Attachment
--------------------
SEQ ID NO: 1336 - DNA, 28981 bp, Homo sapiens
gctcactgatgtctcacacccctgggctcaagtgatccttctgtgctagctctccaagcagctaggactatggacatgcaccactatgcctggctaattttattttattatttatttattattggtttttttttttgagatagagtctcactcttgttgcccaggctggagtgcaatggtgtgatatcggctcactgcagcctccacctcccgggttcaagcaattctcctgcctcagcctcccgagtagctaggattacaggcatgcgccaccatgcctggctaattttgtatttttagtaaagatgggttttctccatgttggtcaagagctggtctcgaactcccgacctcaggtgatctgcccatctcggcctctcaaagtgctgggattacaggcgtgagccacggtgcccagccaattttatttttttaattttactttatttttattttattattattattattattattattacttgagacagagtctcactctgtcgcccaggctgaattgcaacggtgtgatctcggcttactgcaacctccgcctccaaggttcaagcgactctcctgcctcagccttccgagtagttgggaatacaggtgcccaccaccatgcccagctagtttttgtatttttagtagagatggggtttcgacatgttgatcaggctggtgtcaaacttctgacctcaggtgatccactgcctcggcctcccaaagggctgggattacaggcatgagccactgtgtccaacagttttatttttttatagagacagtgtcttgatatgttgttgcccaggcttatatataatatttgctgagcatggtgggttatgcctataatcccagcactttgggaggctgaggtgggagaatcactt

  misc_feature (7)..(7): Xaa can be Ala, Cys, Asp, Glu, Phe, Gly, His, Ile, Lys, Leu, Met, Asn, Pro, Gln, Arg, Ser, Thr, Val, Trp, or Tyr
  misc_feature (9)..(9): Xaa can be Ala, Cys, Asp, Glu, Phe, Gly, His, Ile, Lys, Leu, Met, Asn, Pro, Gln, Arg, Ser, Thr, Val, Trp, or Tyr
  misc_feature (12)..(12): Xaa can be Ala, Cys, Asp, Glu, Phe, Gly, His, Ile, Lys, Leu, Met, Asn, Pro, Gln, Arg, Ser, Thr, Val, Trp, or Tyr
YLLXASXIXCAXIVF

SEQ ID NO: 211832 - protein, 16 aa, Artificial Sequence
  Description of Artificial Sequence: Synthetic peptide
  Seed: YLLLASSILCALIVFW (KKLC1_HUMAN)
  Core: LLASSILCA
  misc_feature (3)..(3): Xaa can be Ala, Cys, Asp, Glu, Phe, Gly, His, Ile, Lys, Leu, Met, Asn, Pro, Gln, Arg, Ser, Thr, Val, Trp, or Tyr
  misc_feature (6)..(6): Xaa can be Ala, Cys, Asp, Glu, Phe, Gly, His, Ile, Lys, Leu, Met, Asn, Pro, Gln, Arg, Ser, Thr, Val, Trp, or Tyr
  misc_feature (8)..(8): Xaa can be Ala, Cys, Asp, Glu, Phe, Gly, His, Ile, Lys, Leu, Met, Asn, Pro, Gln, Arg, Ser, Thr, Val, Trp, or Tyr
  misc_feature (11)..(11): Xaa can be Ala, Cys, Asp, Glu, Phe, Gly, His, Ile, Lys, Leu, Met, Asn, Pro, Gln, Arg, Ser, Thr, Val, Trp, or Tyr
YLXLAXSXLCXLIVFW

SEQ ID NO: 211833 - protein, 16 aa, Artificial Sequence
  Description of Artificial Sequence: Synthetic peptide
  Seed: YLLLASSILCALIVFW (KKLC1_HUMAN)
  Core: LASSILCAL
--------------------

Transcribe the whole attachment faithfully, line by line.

SEQ ID NO: 1336 - DNA, 28981 bp, Homo sapiens
gctcactgatgtctcacacccctgggctcaagtgatccttctgtgctagctctccaagcagctaggactatggacatgcaccactatgcctggctaattttattttattatttatttattattggtttttttttttgagatagagtctcactcttgttgcccaggctggagtgcaatggtgtgatatcggctcactgcagcctccacctcccgggttcaagcaattctcctgcctcagcctcccgagtagctaggattacaggcatgcgccaccatgcctggctaattttgtatttttagtaaagatgggttttctccatgttggtcaagagctggtctcgaactcccgacctcaggtgatctgcccatctcggcctctcaaagtgctgggattacaggcgtgagccacggtgcccagccaattttatttttttaattttactttatttttattttattattattattattattattattacttgagacagagtctcactctgtcgcccaggctgaattgcaacggtgtgatctcggcttactgcaacctccgcctccaaggttcaagcgactctcctgcctcagccttccgagtagttgggaatacaggtgcccaccaccatgcccagctagtttttgtatttttagtagagatggggtttcgacatgttgatcaggctggtgtcaaacttctgacctcaggtgatccactgcctcggcctcccaaagggctgggattacaggcatgagccactgtgtccaacagttttatttttttatagagacagtgtcttgatatgttgttgcccaggcttatatataatatttgctgagcatggtgggttatgcctataatcccagcactttgggaggctgaggtgggagaatcactt

  misc_feature (7)..(7): Xaa can be Ala, Cys, Asp, Glu, Phe, Gly, His, Ile, Lys, Leu, Met, Asn, Pro, Gln, Arg, Ser, Thr, Val, Trp, or Tyr
  misc_feature (9)..(9): Xaa can be Ala, Cys, Asp, Glu, Phe, Gly, His, Ile, Lys, Leu, Met, Asn, Pro, Gln, Arg, Ser, Thr, Val, Trp, or Tyr
  misc_feature (12)..(12): Xaa can be Ala, Cys, Asp, Glu, Phe, Gly, His, Ile, Lys, Leu, Met, Asn, Pro, Gln, Arg, Ser, Thr, Val, Trp, or Tyr
YLLXASXIXCAXIVF

SEQ ID NO: 211832 - protein, 16 aa, Artificial Sequence
  Description of Artificial Sequence: Synthetic peptide
  Seed: YLLLASSILCALIVFW (KKLC1_HUMAN)
  Core: LLASSILCA
  misc_feature (3)..(3): Xaa can be Ala, Cys, Asp, Glu, Phe, Gly, His, Ile, Lys, Leu, Met, Asn, Pro, Gln, Arg, Ser, Thr, Val, Trp, or Tyr
  misc_feature (6)..(6): Xaa can be Ala, Cys, Asp, Glu, Phe, Gly, His, Ile, Lys, Leu, Met, Asn, Pro, Gln, Arg, Ser, Thr, Val, Trp, or Tyr
  misc_feature (8)..(8): Xaa can be Ala, Cys, Asp, Glu, Phe, Gly, His, Ile, Lys, Leu, Met, Asn, Pro, Gln, Arg, Ser, Thr, Val, Trp, or Tyr
  misc_feature (11)..(11): Xaa can be Ala, Cys, Asp, Glu, Phe, Gly, His, Ile, Lys, Leu, Met, Asn, Pro, Gln, Arg, Ser, Thr, Val, Trp, or Tyr
YLXLAXSXLCXLIVFW

SEQ ID NO: 211833 - protein, 16 aa, Artificial Sequence
  Description of Artificial Sequence: Synthetic peptide
  Seed: YLLLASSILCALIVFW (KKLC1_HUMAN)
  Core: LASSILCAL